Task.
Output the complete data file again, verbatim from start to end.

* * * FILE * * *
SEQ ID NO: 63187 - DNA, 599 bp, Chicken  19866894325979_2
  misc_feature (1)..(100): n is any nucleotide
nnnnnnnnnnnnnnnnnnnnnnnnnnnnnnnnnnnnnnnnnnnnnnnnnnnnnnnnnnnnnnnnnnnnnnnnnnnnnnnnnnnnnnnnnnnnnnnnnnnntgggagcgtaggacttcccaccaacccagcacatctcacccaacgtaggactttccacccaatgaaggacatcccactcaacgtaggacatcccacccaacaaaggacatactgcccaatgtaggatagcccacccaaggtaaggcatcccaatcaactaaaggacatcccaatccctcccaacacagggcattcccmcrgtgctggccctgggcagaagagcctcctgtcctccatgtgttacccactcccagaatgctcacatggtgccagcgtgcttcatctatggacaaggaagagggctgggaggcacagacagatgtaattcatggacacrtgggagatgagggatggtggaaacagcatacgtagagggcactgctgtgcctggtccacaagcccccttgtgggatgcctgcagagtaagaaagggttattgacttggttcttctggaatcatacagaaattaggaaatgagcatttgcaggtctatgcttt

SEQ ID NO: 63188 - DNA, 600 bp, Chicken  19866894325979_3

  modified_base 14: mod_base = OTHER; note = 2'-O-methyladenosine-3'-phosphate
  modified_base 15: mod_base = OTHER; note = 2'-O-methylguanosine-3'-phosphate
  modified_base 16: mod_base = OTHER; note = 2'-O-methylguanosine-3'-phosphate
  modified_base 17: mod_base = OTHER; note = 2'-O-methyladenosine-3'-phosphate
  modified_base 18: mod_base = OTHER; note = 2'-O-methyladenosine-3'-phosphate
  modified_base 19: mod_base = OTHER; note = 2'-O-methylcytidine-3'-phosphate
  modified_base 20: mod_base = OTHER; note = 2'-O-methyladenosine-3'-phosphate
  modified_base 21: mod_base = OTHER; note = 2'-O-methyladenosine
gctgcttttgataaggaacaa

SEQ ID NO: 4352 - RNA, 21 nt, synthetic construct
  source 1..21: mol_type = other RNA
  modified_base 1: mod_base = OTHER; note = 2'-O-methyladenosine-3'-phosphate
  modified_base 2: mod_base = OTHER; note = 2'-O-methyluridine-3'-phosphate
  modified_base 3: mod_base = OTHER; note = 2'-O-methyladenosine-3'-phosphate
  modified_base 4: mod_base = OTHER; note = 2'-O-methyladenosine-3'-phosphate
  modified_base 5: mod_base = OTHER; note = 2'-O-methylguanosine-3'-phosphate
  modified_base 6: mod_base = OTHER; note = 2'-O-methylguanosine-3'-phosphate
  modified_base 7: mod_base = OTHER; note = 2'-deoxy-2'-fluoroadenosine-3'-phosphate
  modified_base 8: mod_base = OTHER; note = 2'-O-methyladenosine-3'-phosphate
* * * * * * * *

SEQ ID NO: 63187 - DNA, 599 bp, Chicken  19866894325979_2
  misc_feature (1)..(100): n is any nucleotide
nnnnnnnnnnnnnnnnnnnnnnnnnnnnnnnnnnnnnnnnnnnnnnnnnnnnnnnnnnnnnnnnnnnnnnnnnnnnnnnnnnnnnnnnnnnnnnnnnnnntgggagcgtaggacttcccaccaacccagcacatctcacccaacgtaggactttccacccaatgaaggacatcccactcaacgtaggacatcccacccaacaaaggacatactgcccaatgtaggatagcccacccaaggtaaggcatcccaatcaactaaaggacatcccaatccctcccaacacagggcattcccmcrgtgctggccctgggcagaagagcctcctgtcctccatgtgttacccactcccagaatgctcacatggtgccagcgtgcttcatctatggacaaggaagagggctgggaggcacagacagatgtaattcatggacacrtgggagatgagggatggtggaaacagcatacgtagagggcactgctgtgcctggtccacaagcccccttgtgggatgcctgcagagtaagaaagggttattgacttggttcttctggaatcatacagaaattaggaaatgagcatttgcaggtctatgcttt

SEQ ID NO: 63188 - DNA, 600 bp, Chicken  19866894325979_3

  modified_base 14: mod_base = OTHER; note = 2'-O-methyladenosine-3'-phosphate
  modified_base 15: mod_base = OTHER; note = 2'-O-methylguanosine-3'-phosphate
  modified_base 16: mod_base = OTHER; note = 2'-O-methylguanosine-3'-phosphate
  modified_base 17: mod_base = OTHER; note = 2'-O-methyladenosine-3'-phosphate
  modified_base 18: mod_base = OTHER; note = 2'-O-methyladenosine-3'-phosphate
  modified_base 19: mod_base = OTHER; note = 2'-O-methylcytidine-3'-phosphate
  modified_base 20: mod_base = OTHER; note = 2'-O-methyladenosine-3'-phosphate
  modified_base 21: mod_base = OTHER; note = 2'-O-methyladenosine
gctgcttttgataaggaacaa

SEQ ID NO: 4352 - RNA, 21 nt, synthetic construct
  source 1..21: mol_type = other RNA
  modified_base 1: mod_base = OTHER; note = 2'-O-methyladenosine-3'-phosphate
  modified_base 2: mod_base = OTHER; note = 2'-O-methyluridine-3'-phosphate
  modified_base 3: mod_base = OTHER; note = 2'-O-methyladenosine-3'-phosphate
  modified_base 4: mod_base = OTHER; note = 2'-O-methyladenosine-3'-phosphate
  modified_base 5: mod_base = OTHER; note = 2'-O-methylguanosine-3'-phosphate
  modified_base 6: mod_base = OTHER; note = 2'-O-methylguanosine-3'-phosphate
  modified_base 7: mod_base = OTHER; note = 2'-deoxy-2'-fluoroadenosine-3'-phosphate
  modified_base 8: mod_base = OTHER; note = 2'-O-methyladenosine-3'-phosphate